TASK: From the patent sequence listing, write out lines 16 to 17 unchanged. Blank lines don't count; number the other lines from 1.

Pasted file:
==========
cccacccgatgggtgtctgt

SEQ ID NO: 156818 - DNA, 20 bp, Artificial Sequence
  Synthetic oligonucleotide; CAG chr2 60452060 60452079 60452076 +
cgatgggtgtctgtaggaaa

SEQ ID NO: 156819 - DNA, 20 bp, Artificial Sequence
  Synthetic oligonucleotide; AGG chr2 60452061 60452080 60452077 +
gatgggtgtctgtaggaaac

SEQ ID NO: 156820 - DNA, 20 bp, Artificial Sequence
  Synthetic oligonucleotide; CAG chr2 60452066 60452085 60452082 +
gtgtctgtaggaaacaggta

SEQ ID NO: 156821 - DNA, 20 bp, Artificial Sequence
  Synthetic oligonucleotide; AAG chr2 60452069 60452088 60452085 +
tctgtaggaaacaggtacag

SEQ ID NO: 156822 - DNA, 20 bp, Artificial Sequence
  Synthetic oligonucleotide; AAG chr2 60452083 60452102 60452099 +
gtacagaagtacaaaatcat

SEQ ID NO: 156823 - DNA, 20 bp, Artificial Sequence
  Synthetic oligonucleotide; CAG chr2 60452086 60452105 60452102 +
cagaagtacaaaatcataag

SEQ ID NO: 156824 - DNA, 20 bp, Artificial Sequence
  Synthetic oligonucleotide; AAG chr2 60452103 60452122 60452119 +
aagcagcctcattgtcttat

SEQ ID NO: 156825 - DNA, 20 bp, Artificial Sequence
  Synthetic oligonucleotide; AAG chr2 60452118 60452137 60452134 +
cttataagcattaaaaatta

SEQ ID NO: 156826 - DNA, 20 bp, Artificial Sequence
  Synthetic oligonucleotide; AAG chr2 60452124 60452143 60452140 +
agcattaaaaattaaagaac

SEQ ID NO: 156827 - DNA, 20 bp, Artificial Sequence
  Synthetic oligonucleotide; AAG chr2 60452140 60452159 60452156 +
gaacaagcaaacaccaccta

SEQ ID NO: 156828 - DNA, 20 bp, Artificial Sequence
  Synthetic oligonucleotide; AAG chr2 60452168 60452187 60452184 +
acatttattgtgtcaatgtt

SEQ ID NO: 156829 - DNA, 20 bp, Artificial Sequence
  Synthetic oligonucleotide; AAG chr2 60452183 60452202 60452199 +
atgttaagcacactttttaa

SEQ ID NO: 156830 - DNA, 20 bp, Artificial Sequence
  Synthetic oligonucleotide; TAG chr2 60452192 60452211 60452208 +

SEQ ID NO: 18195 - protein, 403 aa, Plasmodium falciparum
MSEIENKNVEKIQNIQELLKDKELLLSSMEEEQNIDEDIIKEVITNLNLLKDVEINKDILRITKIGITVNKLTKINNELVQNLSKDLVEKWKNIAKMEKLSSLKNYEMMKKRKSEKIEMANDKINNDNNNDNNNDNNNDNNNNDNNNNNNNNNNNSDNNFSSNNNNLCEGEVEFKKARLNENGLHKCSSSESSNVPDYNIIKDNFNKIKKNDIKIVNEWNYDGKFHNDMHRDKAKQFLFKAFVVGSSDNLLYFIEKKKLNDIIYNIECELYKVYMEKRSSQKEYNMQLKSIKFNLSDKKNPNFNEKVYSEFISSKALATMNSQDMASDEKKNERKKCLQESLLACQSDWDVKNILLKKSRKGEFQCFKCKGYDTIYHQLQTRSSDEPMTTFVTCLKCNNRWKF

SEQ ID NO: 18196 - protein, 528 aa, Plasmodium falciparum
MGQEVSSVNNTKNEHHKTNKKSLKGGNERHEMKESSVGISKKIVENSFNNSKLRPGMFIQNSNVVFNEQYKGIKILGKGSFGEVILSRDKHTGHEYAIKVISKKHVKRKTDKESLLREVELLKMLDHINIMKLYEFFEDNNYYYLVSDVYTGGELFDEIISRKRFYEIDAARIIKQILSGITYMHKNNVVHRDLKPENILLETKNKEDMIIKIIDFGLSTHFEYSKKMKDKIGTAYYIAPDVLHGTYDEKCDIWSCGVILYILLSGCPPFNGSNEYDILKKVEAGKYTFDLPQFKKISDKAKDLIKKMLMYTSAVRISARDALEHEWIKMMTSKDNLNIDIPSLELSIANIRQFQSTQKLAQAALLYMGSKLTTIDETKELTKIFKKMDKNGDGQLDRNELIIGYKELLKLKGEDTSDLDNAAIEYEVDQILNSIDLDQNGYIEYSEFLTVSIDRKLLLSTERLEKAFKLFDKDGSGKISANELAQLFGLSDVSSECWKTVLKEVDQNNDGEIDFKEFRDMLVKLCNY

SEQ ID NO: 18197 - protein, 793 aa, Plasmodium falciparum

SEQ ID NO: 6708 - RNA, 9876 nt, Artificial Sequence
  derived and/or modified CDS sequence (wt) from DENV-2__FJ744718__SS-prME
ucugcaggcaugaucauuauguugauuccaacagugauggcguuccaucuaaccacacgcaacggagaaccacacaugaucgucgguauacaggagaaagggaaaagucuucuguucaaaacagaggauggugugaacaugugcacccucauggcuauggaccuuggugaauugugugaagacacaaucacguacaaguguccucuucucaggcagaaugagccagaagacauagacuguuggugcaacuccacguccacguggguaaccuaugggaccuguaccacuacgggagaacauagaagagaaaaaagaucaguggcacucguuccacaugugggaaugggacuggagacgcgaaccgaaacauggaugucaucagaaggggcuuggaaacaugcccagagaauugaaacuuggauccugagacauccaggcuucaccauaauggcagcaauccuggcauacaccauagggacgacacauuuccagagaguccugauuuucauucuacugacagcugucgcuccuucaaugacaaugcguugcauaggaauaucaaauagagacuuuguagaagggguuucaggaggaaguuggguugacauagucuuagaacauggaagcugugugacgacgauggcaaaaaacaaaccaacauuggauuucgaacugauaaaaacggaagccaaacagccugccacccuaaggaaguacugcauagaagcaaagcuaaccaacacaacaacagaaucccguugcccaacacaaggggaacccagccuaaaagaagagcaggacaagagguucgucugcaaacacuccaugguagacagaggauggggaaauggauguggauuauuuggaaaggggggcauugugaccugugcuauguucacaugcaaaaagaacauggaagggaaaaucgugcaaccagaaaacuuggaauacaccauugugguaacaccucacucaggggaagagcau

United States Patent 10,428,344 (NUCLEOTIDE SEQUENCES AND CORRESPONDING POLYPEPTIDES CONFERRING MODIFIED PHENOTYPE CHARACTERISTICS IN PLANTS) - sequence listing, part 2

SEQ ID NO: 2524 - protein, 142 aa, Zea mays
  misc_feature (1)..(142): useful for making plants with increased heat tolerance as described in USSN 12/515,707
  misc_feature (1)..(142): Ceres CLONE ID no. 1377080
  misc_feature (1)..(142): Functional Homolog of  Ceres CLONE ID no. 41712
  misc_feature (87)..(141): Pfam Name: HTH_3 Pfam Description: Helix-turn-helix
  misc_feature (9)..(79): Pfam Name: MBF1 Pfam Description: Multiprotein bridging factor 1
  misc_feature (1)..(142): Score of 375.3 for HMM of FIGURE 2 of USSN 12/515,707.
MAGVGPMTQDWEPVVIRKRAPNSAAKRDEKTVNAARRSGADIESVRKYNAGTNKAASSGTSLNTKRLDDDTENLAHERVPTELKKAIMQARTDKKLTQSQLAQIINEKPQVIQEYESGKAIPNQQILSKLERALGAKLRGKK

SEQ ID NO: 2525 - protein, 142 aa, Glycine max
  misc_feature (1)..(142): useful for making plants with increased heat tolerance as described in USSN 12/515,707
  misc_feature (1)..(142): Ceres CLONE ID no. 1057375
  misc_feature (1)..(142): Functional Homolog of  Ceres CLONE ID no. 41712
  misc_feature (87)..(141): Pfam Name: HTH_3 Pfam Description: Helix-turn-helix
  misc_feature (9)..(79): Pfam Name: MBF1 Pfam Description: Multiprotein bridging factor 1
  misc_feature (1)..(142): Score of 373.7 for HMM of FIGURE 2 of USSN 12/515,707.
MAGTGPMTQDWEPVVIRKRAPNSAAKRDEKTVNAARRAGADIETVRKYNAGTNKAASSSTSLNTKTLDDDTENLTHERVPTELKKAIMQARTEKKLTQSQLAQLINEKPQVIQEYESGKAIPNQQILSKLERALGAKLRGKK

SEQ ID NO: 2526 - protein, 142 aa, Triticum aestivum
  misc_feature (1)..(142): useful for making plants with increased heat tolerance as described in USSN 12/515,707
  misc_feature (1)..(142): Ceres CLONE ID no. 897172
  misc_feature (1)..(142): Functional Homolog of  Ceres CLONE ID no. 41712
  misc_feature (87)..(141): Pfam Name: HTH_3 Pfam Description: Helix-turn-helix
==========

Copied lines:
gtacagaagtacaaaatcat

SEQ ID NO: 156823 - DNA, 20 bp, Artificial Sequence